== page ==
• Garrett Richard Kaighn SEAS PhD student (Electrical & Systems Engineering) from Quakertown, Pennsylvania, received an NSF in Engineering (Electrical and Electronic Engineering)
  • Hyong Seok Kim COL ’16 (Biology) from Seoul, South Korea, received an NSF in Life Sciences (Neurosciences)
  • Travis Mark Kotzur SEAS PhD student (Bioengineering) from Philadelphia, Pennsylvania, received an NSF in Engineering (Bioengineering)
  • Timothy Eng Lee SEAS PhD student (Materials Science & Engineering) from Pine Brook, New Jersey, received an NSF in Materials Research (Chemistry of Materials)
  • Kara McGaughey BGS PhD student (Neuroscience) from Sedona, Arizona, received an NSF in Psychology (Cognitive Neuroscience)
  • Nina Rocio Montoya BGS PhD student (Cell & Molecular Biology) from Albuquerque, New Mexico, received an NSF in Life Sciences (Microbial Biology)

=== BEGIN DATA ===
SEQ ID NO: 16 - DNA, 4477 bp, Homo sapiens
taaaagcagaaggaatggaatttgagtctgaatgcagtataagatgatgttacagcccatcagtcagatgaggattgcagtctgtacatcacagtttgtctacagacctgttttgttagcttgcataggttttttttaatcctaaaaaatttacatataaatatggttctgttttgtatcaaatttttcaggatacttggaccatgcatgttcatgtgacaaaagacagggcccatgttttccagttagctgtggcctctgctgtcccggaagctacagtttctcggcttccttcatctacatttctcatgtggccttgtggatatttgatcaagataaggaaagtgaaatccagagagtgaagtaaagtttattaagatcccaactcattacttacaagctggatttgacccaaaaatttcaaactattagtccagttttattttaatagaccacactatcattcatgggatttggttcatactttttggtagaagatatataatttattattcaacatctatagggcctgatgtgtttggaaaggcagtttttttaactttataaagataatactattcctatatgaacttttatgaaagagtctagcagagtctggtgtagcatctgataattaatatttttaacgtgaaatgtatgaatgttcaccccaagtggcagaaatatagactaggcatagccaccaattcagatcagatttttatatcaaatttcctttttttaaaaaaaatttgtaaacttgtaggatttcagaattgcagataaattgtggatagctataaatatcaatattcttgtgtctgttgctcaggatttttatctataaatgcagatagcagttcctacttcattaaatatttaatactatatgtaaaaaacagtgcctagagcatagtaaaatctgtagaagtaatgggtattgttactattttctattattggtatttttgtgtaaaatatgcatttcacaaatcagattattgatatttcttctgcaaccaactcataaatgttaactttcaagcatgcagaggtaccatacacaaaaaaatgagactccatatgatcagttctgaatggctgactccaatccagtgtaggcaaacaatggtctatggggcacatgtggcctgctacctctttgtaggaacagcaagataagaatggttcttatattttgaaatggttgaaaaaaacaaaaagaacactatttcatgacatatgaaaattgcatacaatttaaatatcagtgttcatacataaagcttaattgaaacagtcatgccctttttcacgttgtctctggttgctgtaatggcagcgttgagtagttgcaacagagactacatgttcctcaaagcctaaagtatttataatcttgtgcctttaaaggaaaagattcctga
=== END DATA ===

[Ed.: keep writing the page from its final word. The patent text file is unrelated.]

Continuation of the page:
• Daniel Mox SEAS PhD student (Mechanical Engineering & Applied Mechanics) from Glen Mills, Pennsylvania, received an NSF in Computer Science / Information Science Engineering (Robotics and Computer Vision)
  • Victoria Grace Muir SEAS PhD student (Bioengineering) from Hockessin, Delaware, received an NSF in Materials Research (Biomaterials)
  • Kelsey Nemec BGS PhD student (Neuroscience) from Big Bend, Wisconsin, received an NSF in Life Sciences (Neurosciences)
  • Erin Michelle Purvis BGS PhD student (Neuroscience) from Morgan Hill, California, received an NSF in Life Sciences (Neurosciences)
  • Jordi Armani Rivera Prince COL ‘16 (Anthropology) from Holland, Michigan, received an NSF in Social Sciences - Anthropology (Bioarchaeology)
  • Tahiya Salam SEAS PhD student (Electrical & Systems Engineering) from Atlantic City, New Jersey, received an NSF in Computer Science / Information Science / Engineering (Robotics and Computer Vision)
  • Camilla Schneier COL ’17 (Physics and Economics) from Wynnewood, Pennsylvania, received an NSF in Social Sciences (Economics)
  • Margaret Elizabeth Schroeder SEAS Master's student (Bioengineering) from Palm Beach, Florida, received an NSF in Engineering (Bioengineering)